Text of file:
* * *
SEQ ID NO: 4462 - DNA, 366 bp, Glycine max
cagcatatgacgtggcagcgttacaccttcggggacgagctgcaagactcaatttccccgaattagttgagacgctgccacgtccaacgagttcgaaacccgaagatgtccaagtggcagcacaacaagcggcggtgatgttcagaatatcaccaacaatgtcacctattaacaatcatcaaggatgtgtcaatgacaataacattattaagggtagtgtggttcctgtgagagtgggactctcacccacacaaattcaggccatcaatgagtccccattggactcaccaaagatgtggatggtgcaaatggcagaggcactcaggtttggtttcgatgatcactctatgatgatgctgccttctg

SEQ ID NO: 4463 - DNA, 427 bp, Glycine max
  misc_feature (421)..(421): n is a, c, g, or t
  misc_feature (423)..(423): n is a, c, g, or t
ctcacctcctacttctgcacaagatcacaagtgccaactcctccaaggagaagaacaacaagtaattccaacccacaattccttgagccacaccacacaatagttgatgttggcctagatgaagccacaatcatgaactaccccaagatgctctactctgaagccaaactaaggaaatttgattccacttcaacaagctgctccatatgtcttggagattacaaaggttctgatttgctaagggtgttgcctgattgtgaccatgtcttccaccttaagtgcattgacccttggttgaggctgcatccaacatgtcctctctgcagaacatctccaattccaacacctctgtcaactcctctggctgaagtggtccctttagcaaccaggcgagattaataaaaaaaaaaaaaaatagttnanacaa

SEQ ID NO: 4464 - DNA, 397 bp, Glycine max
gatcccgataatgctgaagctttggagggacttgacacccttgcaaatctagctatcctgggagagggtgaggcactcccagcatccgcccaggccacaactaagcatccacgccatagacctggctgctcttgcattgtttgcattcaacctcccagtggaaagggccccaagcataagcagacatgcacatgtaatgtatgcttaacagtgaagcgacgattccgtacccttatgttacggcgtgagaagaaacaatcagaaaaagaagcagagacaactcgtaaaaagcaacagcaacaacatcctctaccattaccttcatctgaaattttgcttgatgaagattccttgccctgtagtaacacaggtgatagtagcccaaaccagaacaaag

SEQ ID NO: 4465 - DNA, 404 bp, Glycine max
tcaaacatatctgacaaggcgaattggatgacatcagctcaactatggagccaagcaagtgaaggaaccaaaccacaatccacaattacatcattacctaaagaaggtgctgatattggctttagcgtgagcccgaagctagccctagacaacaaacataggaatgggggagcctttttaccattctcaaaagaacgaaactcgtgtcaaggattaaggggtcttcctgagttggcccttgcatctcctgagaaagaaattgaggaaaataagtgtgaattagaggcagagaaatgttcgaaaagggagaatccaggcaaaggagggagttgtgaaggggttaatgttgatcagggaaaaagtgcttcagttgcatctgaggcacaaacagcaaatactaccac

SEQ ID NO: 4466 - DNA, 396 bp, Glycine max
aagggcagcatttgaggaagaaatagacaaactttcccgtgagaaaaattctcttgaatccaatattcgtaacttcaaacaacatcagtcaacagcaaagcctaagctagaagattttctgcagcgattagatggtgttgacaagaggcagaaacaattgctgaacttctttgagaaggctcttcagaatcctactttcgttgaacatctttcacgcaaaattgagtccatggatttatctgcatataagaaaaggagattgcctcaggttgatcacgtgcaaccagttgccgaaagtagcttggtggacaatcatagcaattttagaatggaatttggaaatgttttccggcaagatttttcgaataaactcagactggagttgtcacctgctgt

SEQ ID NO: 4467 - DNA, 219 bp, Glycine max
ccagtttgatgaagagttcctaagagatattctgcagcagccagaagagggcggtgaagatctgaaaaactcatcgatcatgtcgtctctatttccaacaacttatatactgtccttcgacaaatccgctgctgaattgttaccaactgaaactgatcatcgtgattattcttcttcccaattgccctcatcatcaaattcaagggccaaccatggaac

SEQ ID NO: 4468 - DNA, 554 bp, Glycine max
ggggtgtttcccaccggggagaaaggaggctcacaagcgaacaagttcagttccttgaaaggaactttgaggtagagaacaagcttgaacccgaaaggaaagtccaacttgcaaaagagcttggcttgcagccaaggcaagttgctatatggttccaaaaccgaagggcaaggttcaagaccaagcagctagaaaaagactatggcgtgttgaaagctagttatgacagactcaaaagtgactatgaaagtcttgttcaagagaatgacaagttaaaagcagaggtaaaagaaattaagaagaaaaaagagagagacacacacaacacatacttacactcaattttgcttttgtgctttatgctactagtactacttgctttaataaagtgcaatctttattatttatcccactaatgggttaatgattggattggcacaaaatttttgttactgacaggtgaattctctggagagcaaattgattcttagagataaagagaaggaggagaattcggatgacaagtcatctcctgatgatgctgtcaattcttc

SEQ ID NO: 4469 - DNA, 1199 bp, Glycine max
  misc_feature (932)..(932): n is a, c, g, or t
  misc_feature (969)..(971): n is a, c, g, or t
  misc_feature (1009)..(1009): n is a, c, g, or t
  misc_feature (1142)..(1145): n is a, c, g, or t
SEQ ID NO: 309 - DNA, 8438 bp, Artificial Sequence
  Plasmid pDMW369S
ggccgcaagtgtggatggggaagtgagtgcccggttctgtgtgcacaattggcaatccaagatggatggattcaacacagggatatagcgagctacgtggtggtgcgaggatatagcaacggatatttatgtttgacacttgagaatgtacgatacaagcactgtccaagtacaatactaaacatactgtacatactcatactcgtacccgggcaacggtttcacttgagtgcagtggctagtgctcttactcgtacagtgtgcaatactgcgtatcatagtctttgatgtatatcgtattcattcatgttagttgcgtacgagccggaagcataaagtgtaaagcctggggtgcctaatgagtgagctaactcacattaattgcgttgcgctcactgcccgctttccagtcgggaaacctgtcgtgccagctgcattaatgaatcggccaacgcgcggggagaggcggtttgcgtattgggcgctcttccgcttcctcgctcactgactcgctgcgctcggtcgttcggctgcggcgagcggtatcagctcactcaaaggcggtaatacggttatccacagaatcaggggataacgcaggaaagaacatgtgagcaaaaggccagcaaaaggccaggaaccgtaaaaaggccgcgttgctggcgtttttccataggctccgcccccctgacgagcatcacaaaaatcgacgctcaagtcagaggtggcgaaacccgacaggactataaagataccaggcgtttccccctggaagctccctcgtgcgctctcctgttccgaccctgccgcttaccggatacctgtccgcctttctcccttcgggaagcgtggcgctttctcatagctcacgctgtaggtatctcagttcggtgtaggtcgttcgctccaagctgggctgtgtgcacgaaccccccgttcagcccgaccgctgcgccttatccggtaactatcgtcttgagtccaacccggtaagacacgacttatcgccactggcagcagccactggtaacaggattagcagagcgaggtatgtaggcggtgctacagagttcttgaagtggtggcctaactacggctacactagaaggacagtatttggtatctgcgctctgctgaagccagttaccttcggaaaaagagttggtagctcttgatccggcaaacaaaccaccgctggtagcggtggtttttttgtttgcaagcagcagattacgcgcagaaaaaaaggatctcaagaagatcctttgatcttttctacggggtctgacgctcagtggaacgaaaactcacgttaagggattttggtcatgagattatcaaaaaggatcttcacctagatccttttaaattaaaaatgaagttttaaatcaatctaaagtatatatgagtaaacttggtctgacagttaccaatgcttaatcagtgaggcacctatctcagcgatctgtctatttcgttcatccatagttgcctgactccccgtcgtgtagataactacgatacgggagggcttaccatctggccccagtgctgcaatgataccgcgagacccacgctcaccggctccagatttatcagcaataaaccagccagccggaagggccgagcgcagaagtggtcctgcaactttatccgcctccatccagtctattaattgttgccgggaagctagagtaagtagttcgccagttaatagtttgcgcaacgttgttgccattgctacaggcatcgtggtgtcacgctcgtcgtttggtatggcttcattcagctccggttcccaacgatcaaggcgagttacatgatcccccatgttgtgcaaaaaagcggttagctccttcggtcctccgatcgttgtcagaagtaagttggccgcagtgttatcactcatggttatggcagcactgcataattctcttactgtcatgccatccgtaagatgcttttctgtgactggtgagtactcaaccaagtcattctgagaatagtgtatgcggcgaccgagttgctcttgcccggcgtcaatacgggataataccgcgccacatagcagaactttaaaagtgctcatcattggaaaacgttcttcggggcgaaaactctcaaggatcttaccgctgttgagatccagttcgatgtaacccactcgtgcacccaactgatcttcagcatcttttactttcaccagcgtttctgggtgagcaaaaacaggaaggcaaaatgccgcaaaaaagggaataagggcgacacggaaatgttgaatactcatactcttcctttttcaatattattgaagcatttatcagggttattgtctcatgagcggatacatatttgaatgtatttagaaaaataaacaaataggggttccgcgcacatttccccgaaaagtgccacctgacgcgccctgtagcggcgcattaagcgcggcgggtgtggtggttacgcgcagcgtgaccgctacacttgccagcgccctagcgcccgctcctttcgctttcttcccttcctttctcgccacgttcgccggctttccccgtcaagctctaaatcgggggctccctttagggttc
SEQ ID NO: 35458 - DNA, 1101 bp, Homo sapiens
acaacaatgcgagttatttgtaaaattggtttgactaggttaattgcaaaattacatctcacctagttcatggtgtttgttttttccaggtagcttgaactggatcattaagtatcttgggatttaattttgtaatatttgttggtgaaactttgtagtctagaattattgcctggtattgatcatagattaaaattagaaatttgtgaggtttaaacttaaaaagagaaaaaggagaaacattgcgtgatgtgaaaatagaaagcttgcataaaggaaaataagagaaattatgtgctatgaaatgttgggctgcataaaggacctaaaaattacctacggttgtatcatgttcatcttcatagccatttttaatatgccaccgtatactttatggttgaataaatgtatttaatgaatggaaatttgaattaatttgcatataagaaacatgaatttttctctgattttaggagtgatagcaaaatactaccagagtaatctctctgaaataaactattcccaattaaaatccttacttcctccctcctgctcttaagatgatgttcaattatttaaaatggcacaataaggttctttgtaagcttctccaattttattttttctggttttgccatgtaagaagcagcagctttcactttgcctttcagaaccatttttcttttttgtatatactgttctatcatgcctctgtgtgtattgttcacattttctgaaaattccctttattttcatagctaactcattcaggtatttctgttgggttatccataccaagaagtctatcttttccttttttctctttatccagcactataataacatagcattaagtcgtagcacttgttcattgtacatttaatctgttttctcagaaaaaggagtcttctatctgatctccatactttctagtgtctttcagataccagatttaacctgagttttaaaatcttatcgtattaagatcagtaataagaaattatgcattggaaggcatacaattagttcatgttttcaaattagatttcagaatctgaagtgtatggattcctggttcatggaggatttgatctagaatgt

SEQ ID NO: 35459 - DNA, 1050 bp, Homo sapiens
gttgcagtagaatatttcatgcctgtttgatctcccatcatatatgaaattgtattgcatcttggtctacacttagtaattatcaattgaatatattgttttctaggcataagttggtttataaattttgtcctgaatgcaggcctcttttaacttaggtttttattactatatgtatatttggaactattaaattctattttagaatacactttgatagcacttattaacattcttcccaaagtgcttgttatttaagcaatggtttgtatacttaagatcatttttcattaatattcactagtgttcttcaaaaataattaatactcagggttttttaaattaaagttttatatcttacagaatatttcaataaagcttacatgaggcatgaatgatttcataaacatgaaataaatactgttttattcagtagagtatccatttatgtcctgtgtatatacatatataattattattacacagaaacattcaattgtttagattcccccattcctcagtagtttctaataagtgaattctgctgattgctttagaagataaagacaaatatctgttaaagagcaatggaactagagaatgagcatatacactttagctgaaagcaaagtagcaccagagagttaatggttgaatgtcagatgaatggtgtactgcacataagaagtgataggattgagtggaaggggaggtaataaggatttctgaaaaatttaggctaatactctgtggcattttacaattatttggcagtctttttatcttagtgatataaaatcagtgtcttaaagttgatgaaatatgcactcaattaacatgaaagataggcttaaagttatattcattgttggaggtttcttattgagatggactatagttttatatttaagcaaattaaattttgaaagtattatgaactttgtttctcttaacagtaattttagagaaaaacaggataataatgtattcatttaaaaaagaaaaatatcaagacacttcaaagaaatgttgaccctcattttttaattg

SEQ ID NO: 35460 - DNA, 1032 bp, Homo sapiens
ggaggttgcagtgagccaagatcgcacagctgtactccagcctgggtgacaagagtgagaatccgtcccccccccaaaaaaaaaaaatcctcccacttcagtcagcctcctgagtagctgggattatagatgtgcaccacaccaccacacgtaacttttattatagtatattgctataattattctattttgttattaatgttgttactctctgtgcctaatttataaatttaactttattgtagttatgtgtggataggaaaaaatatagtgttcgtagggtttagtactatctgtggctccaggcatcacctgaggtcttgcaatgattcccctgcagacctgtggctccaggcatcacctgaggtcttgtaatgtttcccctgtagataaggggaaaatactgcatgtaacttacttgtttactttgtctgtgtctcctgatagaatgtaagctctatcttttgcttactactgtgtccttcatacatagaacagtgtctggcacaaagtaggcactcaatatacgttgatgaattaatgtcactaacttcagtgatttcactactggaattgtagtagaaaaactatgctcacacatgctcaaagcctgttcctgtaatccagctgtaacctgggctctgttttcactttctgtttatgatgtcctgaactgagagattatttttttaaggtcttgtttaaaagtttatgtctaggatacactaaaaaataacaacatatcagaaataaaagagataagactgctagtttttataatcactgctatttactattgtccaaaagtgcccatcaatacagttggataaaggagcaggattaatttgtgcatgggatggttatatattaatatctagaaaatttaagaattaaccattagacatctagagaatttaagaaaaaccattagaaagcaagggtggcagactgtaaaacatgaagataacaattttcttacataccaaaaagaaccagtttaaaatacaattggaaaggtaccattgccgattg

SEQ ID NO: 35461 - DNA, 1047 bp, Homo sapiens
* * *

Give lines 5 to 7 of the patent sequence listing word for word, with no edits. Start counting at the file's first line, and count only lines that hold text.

  misc_feature (423)..(423): n is a, c, g, or t
ctcacctcctacttctgcacaagatcacaagtgccaactcctccaaggagaagaacaacaagtaattccaacccacaattccttgagccacaccacacaatagttgatgttggcctagatgaagccacaatcatgaactaccccaagatgctctactctgaagccaaactaaggaaatttgattccacttcaacaagctgctccatatgtcttggagattacaaaggttctgatttgctaagggtgttgcctgattgtgaccatgtcttccaccttaagtgcattgacccttggttgaggctgcatccaacatgtcctctctgcagaacatctccaattccaacacctctgtcaactcctctggctgaagtggtccctttagcaaccaggcgagattaataaaaaaaaaaaaaaatagttnanacaa

SEQ ID NO: 4464 - DNA, 397 bp, Glycine max